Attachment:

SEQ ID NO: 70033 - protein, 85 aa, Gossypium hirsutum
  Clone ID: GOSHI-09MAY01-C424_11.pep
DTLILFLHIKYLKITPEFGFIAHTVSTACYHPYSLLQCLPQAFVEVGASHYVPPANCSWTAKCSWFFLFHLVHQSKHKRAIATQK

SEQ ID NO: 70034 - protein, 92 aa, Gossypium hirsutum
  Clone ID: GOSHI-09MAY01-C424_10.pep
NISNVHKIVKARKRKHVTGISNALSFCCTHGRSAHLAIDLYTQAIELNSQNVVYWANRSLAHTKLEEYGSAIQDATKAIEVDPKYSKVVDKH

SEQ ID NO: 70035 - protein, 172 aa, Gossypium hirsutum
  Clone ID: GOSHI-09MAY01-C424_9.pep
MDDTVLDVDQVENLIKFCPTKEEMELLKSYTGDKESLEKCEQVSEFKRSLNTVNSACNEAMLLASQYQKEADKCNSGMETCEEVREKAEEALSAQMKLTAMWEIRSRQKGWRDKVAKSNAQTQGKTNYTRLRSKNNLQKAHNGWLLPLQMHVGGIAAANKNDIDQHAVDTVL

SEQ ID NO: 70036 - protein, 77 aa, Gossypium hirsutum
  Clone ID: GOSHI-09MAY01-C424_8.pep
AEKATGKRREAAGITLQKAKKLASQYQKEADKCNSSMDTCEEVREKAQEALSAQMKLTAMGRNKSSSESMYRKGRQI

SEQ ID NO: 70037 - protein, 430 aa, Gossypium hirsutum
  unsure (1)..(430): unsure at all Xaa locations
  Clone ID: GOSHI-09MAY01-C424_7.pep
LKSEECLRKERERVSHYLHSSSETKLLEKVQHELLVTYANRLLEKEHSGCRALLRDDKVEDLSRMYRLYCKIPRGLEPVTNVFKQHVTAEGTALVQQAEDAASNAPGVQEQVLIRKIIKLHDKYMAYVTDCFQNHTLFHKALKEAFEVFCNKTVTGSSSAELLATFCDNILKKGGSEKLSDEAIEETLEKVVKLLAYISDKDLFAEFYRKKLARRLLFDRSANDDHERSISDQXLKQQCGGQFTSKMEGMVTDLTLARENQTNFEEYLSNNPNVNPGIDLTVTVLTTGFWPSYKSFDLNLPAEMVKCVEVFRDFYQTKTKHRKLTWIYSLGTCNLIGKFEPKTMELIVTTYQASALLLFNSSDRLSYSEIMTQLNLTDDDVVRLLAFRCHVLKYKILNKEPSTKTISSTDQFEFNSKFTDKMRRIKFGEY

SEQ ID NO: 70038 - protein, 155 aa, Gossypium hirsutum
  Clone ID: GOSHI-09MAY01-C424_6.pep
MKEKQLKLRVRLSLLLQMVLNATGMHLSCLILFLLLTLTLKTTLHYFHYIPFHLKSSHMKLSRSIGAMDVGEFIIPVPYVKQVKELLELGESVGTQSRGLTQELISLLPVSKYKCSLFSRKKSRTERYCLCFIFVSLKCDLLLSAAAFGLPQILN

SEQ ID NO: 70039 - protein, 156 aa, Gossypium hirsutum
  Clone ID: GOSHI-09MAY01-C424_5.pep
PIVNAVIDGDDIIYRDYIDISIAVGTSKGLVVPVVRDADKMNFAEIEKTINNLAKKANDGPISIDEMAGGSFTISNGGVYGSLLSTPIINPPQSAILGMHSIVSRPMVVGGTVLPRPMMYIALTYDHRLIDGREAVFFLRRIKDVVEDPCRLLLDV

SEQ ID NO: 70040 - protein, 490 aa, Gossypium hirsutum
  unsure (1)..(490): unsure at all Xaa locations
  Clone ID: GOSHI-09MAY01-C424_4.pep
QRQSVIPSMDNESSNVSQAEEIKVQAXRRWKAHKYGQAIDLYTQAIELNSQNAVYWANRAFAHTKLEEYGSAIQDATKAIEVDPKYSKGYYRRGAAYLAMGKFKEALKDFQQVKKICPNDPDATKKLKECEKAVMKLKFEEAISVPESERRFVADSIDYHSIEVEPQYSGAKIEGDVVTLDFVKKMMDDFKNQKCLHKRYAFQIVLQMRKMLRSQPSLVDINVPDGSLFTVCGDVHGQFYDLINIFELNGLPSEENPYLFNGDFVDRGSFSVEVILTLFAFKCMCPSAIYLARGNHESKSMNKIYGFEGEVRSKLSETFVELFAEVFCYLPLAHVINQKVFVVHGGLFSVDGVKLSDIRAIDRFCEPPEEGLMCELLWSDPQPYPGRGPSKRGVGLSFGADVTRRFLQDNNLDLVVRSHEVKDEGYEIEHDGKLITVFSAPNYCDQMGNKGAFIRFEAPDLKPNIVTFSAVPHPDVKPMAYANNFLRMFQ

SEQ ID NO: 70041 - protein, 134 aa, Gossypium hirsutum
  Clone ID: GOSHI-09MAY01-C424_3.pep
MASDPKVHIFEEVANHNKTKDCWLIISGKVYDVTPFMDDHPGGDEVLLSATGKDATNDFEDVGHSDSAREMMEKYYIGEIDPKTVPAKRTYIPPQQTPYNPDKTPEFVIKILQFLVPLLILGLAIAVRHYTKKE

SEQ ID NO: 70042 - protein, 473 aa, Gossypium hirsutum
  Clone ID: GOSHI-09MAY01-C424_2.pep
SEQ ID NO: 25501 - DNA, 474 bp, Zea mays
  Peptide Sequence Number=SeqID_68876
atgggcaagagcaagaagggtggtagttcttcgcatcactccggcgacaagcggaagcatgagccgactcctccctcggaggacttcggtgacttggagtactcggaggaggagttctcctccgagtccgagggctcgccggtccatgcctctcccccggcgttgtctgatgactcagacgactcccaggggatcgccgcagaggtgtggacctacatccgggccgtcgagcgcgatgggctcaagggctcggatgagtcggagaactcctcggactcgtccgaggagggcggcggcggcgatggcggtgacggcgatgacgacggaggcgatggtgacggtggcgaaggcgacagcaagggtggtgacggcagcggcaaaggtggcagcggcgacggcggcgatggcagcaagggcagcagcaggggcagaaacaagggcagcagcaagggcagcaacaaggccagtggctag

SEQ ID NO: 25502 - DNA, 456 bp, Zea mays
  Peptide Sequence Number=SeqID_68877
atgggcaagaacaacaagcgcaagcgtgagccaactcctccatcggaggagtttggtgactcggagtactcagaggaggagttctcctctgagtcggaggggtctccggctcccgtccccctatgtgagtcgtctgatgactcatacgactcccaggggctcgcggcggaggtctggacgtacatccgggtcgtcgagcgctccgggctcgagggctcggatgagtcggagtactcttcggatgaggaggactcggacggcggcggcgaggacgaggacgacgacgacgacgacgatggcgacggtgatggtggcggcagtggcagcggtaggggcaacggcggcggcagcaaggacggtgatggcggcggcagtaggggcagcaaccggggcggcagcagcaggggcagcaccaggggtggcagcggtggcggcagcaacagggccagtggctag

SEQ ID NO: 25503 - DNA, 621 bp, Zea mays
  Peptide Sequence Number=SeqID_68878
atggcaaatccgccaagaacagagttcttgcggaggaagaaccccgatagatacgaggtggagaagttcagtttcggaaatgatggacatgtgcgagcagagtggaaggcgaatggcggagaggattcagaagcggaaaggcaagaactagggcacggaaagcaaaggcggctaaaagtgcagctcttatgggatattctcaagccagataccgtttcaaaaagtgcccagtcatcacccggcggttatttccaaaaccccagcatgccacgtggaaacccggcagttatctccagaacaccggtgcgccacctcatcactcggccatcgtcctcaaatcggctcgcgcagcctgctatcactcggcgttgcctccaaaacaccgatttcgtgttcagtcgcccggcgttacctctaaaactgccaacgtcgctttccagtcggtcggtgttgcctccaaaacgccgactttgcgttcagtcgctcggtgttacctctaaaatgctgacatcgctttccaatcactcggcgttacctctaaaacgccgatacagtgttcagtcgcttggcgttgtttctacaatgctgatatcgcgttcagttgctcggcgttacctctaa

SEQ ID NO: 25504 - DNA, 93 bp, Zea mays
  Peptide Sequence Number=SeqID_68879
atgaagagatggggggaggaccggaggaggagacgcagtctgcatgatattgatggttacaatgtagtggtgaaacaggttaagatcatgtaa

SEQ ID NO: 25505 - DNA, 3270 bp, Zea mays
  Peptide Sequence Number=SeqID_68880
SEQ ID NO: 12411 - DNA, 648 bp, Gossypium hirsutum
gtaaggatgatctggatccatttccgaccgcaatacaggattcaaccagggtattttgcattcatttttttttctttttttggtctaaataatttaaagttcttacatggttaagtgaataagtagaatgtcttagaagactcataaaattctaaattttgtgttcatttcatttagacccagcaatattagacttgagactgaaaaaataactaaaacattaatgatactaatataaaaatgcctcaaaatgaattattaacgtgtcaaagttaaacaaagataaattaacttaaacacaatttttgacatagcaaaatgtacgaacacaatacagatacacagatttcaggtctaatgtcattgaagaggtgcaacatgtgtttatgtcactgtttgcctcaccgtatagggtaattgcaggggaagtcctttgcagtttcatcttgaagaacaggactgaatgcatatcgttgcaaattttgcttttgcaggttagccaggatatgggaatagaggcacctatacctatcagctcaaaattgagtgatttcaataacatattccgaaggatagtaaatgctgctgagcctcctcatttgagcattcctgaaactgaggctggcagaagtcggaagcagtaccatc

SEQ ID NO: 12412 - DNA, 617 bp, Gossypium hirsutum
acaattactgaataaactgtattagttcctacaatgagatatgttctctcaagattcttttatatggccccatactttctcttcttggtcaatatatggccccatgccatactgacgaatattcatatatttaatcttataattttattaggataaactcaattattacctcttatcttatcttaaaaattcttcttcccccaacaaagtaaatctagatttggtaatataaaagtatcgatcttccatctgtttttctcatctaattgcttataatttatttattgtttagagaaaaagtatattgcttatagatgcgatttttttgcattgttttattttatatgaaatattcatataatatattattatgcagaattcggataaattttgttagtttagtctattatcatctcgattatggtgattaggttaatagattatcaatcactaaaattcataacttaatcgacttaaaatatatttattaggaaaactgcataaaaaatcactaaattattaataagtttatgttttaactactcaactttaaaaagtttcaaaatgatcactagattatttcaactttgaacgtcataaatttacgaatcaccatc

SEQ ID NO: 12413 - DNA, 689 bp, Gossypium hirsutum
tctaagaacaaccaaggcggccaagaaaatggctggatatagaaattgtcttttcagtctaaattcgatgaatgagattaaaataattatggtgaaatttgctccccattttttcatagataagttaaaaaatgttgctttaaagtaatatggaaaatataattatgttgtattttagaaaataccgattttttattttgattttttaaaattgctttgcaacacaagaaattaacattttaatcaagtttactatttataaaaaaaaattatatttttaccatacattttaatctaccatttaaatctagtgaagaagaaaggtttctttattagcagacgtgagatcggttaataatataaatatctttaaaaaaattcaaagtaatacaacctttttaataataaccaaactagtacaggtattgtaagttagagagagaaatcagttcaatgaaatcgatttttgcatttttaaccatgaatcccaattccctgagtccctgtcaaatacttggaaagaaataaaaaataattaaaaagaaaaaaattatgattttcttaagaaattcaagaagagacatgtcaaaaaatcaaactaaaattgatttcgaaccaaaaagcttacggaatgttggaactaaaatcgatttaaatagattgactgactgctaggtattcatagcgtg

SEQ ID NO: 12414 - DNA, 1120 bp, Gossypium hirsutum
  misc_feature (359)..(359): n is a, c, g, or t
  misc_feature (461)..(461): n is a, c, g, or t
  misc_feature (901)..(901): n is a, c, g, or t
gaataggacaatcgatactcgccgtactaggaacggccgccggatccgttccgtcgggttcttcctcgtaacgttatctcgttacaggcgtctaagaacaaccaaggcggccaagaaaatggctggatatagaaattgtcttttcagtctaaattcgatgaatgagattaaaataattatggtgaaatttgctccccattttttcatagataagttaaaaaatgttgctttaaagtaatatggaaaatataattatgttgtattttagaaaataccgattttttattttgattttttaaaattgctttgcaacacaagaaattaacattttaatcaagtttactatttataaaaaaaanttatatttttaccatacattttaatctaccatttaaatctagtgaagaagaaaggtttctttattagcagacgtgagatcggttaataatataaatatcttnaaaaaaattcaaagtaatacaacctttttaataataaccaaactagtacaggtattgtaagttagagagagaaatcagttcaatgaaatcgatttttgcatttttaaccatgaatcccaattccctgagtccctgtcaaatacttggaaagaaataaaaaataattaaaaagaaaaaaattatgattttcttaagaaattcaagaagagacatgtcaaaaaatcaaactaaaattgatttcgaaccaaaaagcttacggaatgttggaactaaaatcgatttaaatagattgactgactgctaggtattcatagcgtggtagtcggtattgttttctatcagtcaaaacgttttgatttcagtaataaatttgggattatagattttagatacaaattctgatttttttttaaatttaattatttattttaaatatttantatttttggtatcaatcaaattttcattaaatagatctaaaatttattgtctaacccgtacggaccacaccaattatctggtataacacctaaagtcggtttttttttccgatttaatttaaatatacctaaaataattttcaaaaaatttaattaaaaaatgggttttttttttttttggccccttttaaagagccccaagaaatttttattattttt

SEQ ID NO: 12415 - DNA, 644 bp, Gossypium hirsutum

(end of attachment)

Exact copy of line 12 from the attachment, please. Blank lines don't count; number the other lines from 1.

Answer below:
AEKATGKRREAAGITLQKAKKLASQYQKEADKCNSSMDTCEEVREKAQEALSAQMKLTAMGRNKSSSESMYRKGRQI